It’s the ordinary things that seem important to me.
This Sunday I enjoyed the rare luxury of having the entirety of an afternoon liberated from any obligation to weigh it down. So I went see the lovely mister Alex Colville at the gallery across the bridge. If you’re anyone like me, regardless of the reason (be it the need to get the most bang for your buck, pure curiosity of a three-year-old, or genuine appreciation for the arts), you’d make your way along the walls of the gallery at approximately sloth-pace for the sake of reading every single description, quote, and commentary of every single painting.
Colville’s works, in all truthfulness, did not appeal to me in the least when I stood in front of the gallery, staring into the woman with the binoculars’ forehead on the oversized promotion poster. No vivid colors, nothing provocatively creative about it, just painfully ordinary.
But as I moved from frame to frame, I became moved frame by frame. Something about the way his impeccably detailed brush strokes merged into minimalism and the way the intense reality of each subject somehow hinted at the surreal was simultaneously familiar and refreshing.
Indeed enjoyment, at least for the modern busy soul, rests in the down of the everyday, and is defined by a taste for the yesterdays.
a great storm on the sea,
was being swamped
by the waves;
but he was
My grandmother had an unwavering belief in eggs. In the mansion in southern Taiwan where my mother and her three siblings grew up, they kept chickens on the rooftop terrace. It was at once a delight and a pain to reach past the menacing beaks of the angry hens and to sneak out a couple of down-specked eggs each morning. For my ah-ma a few eggs symbolized the wholesomeness she worked so hard to provide for her children. In retrospect, the eggs tell a different story – one of contentment, and how it only decays as our haves become greater.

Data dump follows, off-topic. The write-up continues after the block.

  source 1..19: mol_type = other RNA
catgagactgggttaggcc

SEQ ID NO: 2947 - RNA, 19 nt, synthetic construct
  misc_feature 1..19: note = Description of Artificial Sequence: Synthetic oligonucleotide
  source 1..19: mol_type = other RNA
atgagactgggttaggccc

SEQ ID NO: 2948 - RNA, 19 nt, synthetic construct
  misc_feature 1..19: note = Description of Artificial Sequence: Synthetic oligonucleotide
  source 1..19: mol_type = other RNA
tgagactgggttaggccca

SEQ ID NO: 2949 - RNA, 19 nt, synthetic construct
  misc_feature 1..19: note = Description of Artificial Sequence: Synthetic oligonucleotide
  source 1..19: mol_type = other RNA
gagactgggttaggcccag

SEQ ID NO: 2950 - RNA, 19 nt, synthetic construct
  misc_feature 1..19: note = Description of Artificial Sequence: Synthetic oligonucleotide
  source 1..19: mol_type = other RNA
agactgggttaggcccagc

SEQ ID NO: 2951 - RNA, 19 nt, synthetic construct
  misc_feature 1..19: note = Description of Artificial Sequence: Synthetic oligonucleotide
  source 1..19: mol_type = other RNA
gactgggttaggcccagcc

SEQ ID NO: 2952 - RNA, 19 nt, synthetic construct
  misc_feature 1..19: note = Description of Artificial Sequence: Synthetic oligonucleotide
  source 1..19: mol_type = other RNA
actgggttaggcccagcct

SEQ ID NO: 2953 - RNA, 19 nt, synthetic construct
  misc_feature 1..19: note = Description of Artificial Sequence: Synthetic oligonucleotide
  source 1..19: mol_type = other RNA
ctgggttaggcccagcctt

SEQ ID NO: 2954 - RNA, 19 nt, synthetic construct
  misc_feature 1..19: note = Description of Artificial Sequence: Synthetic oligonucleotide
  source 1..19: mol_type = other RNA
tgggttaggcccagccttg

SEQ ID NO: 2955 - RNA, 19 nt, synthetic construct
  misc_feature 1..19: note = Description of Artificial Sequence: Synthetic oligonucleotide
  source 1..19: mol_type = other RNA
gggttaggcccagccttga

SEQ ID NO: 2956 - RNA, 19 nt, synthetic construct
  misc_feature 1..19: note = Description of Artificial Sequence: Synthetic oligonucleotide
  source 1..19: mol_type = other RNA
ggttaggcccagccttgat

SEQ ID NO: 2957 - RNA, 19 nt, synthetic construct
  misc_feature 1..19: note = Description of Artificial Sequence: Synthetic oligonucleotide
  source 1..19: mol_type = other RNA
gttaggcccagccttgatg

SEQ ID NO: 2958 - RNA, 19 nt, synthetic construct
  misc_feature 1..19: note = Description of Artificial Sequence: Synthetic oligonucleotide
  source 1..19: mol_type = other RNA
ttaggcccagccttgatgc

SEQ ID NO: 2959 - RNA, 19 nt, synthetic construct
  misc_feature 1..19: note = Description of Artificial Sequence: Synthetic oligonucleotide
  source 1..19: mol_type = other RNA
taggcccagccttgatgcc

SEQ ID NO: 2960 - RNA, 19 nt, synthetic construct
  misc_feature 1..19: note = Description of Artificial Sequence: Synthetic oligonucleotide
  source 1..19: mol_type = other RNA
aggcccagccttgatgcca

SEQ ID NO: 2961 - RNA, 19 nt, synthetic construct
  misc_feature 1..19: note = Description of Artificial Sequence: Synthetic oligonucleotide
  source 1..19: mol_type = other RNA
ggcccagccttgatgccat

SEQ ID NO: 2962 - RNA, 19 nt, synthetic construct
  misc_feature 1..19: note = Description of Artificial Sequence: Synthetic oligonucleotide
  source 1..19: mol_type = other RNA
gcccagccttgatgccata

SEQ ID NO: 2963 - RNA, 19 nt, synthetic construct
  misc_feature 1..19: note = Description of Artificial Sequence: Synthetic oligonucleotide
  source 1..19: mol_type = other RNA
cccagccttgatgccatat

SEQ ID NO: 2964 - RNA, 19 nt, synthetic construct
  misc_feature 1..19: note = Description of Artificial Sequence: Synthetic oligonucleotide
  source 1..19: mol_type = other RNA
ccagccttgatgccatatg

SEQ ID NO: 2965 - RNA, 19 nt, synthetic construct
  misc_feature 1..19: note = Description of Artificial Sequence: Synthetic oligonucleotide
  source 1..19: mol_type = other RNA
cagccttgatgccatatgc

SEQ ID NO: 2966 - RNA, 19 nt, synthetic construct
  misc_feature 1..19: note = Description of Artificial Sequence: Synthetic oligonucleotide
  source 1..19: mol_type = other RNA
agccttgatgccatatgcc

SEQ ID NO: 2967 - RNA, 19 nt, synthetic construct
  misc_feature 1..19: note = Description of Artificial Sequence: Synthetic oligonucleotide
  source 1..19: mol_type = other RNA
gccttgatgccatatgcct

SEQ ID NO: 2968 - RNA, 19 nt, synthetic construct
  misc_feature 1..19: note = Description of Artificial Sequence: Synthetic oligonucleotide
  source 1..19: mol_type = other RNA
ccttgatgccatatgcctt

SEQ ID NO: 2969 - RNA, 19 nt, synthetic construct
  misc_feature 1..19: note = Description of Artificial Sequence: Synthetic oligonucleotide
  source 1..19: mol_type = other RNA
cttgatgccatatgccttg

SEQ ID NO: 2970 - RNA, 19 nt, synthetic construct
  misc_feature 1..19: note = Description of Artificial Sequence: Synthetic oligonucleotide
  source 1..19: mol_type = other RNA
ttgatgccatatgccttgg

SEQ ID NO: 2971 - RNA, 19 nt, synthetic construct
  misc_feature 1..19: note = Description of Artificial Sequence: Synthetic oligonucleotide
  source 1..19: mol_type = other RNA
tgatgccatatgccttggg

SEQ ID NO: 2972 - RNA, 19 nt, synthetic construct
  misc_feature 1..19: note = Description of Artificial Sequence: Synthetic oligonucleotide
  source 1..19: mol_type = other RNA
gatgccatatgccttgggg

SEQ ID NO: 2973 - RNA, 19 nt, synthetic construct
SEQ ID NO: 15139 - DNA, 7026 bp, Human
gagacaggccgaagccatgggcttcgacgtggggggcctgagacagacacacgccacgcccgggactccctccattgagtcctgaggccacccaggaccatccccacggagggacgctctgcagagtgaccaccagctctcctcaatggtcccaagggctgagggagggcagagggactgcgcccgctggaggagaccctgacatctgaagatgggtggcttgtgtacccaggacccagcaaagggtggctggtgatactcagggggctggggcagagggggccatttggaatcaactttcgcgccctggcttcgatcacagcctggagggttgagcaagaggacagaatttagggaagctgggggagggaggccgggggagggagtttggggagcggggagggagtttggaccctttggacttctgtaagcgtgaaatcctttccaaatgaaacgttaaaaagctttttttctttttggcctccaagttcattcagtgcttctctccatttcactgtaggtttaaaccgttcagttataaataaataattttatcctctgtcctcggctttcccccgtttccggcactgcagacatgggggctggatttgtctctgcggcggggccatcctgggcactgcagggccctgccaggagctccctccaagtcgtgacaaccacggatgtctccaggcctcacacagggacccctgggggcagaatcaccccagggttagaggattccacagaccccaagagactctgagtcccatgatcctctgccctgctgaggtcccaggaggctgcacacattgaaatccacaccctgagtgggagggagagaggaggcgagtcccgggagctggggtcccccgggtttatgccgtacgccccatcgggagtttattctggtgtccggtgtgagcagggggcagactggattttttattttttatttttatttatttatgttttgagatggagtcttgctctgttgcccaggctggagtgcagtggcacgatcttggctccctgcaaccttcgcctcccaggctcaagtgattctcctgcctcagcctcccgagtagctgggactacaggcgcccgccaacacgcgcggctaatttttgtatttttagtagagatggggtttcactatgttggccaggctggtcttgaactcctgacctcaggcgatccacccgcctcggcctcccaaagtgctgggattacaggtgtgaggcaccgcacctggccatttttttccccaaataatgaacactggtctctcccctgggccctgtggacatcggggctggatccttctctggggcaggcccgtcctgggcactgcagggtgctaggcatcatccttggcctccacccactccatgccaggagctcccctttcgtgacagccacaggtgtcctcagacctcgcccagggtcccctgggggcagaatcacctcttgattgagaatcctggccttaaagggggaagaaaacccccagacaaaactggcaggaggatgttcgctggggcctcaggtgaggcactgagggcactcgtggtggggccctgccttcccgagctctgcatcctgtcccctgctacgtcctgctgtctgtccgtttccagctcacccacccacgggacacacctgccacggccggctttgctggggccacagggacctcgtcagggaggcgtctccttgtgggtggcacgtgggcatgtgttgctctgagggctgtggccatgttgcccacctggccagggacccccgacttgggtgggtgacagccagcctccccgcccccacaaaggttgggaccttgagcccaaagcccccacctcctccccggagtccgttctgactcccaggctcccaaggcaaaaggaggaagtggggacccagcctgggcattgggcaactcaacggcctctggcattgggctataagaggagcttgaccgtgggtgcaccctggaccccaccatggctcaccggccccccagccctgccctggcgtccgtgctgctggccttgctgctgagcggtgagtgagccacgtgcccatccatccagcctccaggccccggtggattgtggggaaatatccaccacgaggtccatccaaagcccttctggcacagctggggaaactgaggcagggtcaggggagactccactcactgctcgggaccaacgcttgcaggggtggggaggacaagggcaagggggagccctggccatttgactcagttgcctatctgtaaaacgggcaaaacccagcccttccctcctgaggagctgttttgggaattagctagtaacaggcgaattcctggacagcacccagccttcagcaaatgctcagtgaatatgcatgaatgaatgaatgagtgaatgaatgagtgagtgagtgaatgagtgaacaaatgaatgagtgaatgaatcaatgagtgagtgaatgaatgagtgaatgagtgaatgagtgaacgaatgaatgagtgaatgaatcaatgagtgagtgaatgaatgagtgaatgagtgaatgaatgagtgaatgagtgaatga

Ingredients for the Tomato Creamed Eggs:
- 1 tbsp plus 1 tsp canola oil, divided
- 3 large free range chicken or duck eggs
- 2 tbsp milk or water, optional
- 3 large vine-ripened tomatoes, halved and thinly sliced
- 2 tbsp loosely packed brown sugar
- sea salt, to taste
- splash of white vinegar
- 1 tbsp corn starch, stirred well with a glug of cold water
- freshly cracked black pepper, to taste
- Preheat a non-stick skillet on medium heat. Meanwhile, beat the eggs with the milk or water lightly using a fork in a small bowl.
- Add 1 tsp of the oil into the skillet and pour in the eggs. Stir and break up the mixture by pushing the outer edges into the center using a pair of wooden chopsticks. Dump everything back into the bowl once the eggs just begin to set. Set aside.
- Preheat a wok or a sauce pan on high heat until very hot. Tip in the remaining oil, swirl the pan to cover (it should be a shimmering coat), and add the sliced tomatoes. Add the sugar and season with salt to draw out the moisture. Cook the mixture on high heat until the tomatoes have dissolved and the juices have become syrupy, about 8 minutes.
- Add a splash of vinegar to brighten the tomatoes, stir, and fold through the eggs, breaking them up a little. Immediately pour in the corn starch mixture in a round motion and stir through until the mixture tightens up. Remove from heat immediately and transfer to a deep plate.
- Serve with freshly steamed short-grain rice or some crusty bread.